Brain Injury Care

Brain Injury Care

The brain is by far the most complex organ of the human body and is considered the body’s control center. When an injury to the brain occurs, the results can range from little to no damage to severe damage. The severity and prognosis of a brain injury be different depending on the location and level of damage. 

Your loved one living with a traumatic brain injury (TBI) may be exhibiting some changes to include; behavioral expressions, impaired social and coping skills along with reduced self-esteem. No doubt you may have already witnessed that they have periods of frustration, anger, agitation, denial, and a lack of motivation. 

The person living with a brain injury may experience cognitive issues and have problems with making decisions, planning, and/or organizing. These cognitive impairments can also affect:

  • Short- and long-term memory
  • Problems with concentration and attention spans
  • Difficulty with completing activities of daily living (ADLs) and instrumental activities of daily living, (IADLs)

Helpful Advice From Homewatch CareGivers

When working with individuals who have  a brain injury, it is important to understand how the injury affects overall functioning and the impairments that occur because of a traumatic brain injury (TBI).

Managing the effects of TBI takes a well-rounded approach and includes help from multiple disciplines to support care. Multiple assistive modalities are needed to promote safety, recovery, and a sense of independence.

Adaptive equipment and assistive technology can include devices to help with cognition such as:

  • Sticky labels to identify items in a drawer
  • Calendars, checklists and schedules
  • Pill organizers for safe medication administration
  • Recording devices for reminders
  • Communication aides

Assistive Devices and Aides to help with movement and strengthening include:

  • Adaptive equipment for eating
  • Sticky liners/surfaces to prevent slippage
  • Appliances for clothing and footwear
  • Adaptive footwear including Velcro-lace shoes or shoes with zippers

Other essential adaptive equipment include:

  • Air pressurized beds to help prevent and manage skin breakdown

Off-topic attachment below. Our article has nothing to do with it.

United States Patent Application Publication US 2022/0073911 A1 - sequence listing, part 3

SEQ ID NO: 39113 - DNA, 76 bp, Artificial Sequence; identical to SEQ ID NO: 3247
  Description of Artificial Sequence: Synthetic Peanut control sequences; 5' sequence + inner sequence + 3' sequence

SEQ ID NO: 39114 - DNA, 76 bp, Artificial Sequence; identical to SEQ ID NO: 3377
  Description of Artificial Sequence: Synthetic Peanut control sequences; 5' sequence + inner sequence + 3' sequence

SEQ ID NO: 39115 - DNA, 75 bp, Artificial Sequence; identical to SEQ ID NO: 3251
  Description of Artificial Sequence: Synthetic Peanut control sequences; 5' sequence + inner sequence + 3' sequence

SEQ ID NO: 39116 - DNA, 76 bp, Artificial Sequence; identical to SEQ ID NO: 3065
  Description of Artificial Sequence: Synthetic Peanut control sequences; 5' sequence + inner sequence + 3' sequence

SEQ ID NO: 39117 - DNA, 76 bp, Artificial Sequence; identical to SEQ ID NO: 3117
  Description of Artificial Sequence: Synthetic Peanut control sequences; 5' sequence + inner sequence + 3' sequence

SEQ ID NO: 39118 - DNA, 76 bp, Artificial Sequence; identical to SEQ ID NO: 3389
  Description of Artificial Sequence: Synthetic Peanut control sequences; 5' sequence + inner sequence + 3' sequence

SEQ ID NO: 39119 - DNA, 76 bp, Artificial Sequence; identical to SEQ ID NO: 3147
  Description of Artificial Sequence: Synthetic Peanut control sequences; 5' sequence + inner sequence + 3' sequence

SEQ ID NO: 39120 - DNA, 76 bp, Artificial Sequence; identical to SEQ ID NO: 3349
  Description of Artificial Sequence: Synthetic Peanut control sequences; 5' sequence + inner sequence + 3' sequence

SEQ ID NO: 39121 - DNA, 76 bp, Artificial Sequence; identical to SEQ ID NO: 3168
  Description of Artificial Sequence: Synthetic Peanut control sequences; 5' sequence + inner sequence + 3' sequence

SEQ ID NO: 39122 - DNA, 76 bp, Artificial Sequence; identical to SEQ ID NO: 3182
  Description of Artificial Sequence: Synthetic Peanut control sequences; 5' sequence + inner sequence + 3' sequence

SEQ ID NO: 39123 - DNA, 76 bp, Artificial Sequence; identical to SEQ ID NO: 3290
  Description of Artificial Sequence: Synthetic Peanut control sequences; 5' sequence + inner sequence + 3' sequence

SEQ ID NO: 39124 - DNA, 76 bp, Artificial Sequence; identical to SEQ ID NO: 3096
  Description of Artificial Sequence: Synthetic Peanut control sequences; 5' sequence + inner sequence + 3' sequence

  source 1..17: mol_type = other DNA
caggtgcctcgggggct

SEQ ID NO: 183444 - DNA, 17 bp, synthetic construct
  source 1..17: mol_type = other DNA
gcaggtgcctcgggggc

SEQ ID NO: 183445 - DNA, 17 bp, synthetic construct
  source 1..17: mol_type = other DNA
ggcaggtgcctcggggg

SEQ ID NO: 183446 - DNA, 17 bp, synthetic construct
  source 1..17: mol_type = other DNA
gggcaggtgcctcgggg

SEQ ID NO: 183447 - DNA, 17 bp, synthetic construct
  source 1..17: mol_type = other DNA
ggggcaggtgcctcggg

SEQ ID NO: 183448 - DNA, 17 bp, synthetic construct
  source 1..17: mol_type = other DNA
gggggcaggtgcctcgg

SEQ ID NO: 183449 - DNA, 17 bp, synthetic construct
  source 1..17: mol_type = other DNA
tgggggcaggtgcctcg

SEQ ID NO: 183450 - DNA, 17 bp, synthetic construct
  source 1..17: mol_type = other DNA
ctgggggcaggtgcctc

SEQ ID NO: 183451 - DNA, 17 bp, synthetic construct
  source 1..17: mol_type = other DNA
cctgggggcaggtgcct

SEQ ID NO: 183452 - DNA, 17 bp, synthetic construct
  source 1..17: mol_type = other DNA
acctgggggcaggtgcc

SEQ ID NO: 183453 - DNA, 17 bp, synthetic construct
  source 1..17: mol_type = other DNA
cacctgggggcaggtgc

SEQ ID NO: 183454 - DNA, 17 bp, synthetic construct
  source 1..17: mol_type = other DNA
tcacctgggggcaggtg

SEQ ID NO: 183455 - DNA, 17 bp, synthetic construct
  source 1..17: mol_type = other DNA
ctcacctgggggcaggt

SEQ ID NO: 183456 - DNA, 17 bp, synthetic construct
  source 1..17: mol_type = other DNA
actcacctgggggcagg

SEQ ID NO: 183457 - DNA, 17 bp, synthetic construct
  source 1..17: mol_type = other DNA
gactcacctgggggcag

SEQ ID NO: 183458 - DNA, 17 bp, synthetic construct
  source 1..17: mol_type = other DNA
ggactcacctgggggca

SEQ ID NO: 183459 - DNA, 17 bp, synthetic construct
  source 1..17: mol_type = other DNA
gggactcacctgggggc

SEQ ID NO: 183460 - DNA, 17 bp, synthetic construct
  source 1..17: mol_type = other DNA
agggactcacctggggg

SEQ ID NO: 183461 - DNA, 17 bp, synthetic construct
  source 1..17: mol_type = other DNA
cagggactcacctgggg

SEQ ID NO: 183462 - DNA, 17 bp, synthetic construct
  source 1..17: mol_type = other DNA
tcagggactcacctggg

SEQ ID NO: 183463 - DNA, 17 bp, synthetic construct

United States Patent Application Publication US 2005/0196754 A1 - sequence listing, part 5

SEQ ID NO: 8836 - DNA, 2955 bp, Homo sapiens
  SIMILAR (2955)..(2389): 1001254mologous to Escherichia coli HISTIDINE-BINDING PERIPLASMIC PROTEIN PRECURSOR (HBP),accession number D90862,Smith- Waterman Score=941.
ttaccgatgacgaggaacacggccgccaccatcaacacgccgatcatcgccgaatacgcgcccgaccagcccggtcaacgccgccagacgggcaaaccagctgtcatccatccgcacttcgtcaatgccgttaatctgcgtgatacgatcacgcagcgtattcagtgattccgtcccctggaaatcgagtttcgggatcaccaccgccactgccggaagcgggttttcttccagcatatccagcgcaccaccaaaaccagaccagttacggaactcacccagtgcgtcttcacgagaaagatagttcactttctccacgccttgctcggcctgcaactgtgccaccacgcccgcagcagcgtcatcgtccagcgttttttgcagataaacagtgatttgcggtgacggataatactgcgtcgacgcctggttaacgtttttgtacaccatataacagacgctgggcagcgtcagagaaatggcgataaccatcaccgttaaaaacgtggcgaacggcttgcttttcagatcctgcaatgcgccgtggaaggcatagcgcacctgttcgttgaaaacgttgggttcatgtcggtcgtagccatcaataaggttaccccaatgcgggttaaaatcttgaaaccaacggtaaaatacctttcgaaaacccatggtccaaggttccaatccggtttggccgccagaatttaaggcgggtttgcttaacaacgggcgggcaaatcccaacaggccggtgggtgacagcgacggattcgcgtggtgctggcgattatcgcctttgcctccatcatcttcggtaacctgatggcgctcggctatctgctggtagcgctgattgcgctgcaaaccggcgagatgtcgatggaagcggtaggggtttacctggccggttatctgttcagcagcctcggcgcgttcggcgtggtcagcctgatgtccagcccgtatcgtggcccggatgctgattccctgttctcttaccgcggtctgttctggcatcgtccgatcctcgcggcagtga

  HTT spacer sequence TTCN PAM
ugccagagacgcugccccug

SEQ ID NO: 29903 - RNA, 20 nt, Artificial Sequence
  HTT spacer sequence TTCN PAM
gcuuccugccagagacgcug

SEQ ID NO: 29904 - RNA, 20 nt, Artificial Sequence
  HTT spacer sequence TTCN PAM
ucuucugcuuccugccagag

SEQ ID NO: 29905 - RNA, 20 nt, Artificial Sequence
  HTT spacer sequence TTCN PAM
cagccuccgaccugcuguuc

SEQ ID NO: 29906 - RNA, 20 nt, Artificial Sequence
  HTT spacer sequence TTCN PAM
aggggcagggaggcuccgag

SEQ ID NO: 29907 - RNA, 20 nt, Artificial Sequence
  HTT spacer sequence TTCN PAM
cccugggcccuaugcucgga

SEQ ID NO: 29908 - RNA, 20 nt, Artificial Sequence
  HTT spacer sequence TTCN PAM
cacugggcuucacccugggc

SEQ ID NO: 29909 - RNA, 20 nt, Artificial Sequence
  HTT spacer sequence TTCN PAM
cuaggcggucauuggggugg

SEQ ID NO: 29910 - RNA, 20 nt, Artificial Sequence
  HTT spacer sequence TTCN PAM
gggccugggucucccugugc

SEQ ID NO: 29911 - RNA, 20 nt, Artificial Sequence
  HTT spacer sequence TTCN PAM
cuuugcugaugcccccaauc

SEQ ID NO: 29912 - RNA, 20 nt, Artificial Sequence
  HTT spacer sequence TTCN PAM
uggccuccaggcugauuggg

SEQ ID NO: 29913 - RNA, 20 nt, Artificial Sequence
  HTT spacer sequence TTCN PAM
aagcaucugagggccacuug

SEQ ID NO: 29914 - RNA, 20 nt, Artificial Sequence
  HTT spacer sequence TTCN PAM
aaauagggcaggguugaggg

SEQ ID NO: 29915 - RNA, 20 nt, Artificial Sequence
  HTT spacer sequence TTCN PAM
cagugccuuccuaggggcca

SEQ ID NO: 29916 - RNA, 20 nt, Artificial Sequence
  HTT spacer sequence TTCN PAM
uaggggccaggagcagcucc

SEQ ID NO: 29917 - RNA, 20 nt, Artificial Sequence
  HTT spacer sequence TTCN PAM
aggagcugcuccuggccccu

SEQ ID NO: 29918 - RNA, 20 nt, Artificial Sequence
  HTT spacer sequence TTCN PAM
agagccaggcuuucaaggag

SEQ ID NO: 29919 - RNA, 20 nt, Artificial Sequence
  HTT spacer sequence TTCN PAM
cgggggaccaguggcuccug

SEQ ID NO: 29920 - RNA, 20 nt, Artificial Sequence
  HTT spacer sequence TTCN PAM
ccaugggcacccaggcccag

• Aides for bathing and showering
  • Wheelchairs, electric scooters, walkers, and canes

How Homewatch CareGivers Can Help

Caring for someone living with a brain or spinal injury requires patience. For example, it is important to allow time for a reply to a question or other interaction. Caregivers are trained on a multitude of assistive devices to help an individual to be as independent as possible. Safety and skill are of upmost importance along with compassion and reliability.

At Homewatch CareGivers we provide an array of home care support for people living with acute and chronic conditions.  Our approach is to always include the person and those closest to them in the decision making about their care.             
Someone living with TBI will need help with:

  • Activities of Daily Living (ADLs) to include:
    • Mobility-to reduce risk of skin breakdown
    • Bathing
    • Dressing & Grooming
    • Providing safe, healthy nutrition and hydration
    • Safety in the bathroom especially with toileting assistance
  • Instrumental Activities of Daily Living (IADLs) to include:
    • Planning, shopping, and preparing healthy meals
    • Housekeeping and Laundry
    • Medication reminders
    • Setting up technology to keep them connected to loved ones
    • Safe transportation to appoints and social outings

This is what Homewatch CareGivers does! Not only the tasks associated with caring for someone but also, empowering them through customized social engagement.

Resources              
Outpatient rehabilitation provides ongoing therapy in an outpatient setting focusing on continued restoration and refinement of physical and/or cognitive skills. 

Home health agencies (HHAs) provide nursing and therapy services in the home.             
Home care provides compassionate care that can be alongside skilled HHA services support the individual living with TBI and respite for family caregivers.

Regardless of the placement option chosen, the goal is to improve the person’s quality of life and functional ability in all areas of life. There are various federal, state, and local groups that exist to help those affected by TBI.

Brain Injury Association of America https://www.biausa.org/              
National Institute of Neurological Disorders and Stroke https://www.ninds.nih.gov/Disorders/All-Disorders/Traumatic-Brain-Injury-Information-Page

Homewatch
CareGivers

Providing the highest quality of care at an affordable cost. Our local caregivers are trained, background-checked, and insured. This is our promise to you.

About Our Caregivers
  • We conduct annual background checks on all local caregivers.

  • We provide at least 12 hours annually of employee training.

  • We perform in-person Quality Assurance visits at least every 90 days.

  • We conduct satisfaction surveys to monitor the level of care provided.

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